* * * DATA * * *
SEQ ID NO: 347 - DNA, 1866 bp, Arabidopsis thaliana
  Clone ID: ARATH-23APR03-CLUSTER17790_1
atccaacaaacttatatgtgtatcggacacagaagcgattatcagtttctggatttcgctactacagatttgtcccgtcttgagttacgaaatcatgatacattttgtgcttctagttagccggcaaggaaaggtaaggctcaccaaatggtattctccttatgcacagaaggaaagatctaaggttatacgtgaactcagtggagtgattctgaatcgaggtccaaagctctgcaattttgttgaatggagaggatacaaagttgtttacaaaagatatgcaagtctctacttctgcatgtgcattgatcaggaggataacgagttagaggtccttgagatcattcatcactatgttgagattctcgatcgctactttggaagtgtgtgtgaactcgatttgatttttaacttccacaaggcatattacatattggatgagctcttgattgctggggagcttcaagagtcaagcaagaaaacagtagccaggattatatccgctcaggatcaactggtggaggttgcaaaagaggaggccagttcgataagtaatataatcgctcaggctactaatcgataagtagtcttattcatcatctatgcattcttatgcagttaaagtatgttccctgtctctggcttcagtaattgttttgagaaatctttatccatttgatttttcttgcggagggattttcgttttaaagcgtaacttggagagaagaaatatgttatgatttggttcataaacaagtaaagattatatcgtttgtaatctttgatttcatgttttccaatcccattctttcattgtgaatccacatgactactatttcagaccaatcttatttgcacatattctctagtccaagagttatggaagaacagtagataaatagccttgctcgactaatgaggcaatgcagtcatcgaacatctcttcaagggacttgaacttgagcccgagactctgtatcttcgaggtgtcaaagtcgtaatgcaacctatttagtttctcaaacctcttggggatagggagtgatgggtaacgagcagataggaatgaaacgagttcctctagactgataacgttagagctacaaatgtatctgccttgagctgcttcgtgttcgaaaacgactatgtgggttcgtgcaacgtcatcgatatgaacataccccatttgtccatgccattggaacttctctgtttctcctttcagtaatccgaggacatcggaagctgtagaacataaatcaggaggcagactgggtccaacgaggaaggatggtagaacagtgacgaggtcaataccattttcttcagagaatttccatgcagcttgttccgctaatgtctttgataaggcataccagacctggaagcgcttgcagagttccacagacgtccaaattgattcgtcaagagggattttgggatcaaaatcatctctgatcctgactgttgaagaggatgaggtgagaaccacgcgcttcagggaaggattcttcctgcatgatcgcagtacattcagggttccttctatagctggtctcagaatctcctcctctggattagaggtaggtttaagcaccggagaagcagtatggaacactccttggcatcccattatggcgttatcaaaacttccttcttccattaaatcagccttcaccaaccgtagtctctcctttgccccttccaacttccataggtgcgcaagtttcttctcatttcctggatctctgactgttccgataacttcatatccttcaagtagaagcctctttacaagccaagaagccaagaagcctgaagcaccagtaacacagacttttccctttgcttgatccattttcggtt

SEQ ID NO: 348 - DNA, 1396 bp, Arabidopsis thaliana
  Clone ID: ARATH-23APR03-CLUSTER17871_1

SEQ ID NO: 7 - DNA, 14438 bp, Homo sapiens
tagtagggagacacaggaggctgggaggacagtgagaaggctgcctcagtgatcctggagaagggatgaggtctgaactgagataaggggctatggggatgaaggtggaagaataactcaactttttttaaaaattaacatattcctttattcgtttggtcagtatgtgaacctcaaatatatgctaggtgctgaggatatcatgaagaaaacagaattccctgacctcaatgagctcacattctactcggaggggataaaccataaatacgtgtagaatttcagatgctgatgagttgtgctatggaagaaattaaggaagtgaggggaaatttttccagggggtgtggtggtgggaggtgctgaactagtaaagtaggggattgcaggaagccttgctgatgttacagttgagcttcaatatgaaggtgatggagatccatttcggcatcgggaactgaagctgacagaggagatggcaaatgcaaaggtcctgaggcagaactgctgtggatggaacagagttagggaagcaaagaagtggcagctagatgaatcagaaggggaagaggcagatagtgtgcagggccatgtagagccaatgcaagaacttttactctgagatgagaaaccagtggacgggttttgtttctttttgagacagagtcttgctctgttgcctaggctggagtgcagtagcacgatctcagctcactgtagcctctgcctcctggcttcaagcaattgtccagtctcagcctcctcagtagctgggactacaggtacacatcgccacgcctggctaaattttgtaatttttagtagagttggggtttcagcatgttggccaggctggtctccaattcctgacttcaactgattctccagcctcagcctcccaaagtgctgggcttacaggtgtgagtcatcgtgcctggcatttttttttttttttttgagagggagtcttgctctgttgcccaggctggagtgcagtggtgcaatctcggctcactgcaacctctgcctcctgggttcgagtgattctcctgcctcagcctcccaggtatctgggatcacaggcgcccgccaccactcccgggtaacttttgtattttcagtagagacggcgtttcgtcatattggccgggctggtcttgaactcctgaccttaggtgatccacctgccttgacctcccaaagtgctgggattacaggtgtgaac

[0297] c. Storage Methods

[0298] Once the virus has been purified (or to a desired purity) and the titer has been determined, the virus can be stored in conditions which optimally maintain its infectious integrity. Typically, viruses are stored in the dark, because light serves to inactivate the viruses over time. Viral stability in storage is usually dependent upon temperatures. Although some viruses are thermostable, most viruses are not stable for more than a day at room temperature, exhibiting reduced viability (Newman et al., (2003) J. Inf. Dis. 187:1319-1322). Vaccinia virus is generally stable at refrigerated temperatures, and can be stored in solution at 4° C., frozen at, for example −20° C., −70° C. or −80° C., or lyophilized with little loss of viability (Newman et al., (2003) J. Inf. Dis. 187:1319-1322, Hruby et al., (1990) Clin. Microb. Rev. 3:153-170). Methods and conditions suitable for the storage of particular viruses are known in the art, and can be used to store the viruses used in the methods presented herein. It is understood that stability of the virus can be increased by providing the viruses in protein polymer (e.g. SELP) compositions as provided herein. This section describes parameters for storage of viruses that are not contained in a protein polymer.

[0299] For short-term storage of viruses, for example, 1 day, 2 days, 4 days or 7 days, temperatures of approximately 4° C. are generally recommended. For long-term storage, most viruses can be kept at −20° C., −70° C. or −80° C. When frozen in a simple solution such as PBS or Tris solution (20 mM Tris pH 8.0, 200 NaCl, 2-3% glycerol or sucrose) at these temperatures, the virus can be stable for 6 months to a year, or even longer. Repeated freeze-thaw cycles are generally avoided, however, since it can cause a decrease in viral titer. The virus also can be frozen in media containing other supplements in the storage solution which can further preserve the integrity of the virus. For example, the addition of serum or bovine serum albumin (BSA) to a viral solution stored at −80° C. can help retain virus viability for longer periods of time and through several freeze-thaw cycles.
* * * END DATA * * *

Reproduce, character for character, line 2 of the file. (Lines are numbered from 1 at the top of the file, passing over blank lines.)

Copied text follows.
  Clone ID: ARATH-23APR03-CLUSTER17790_1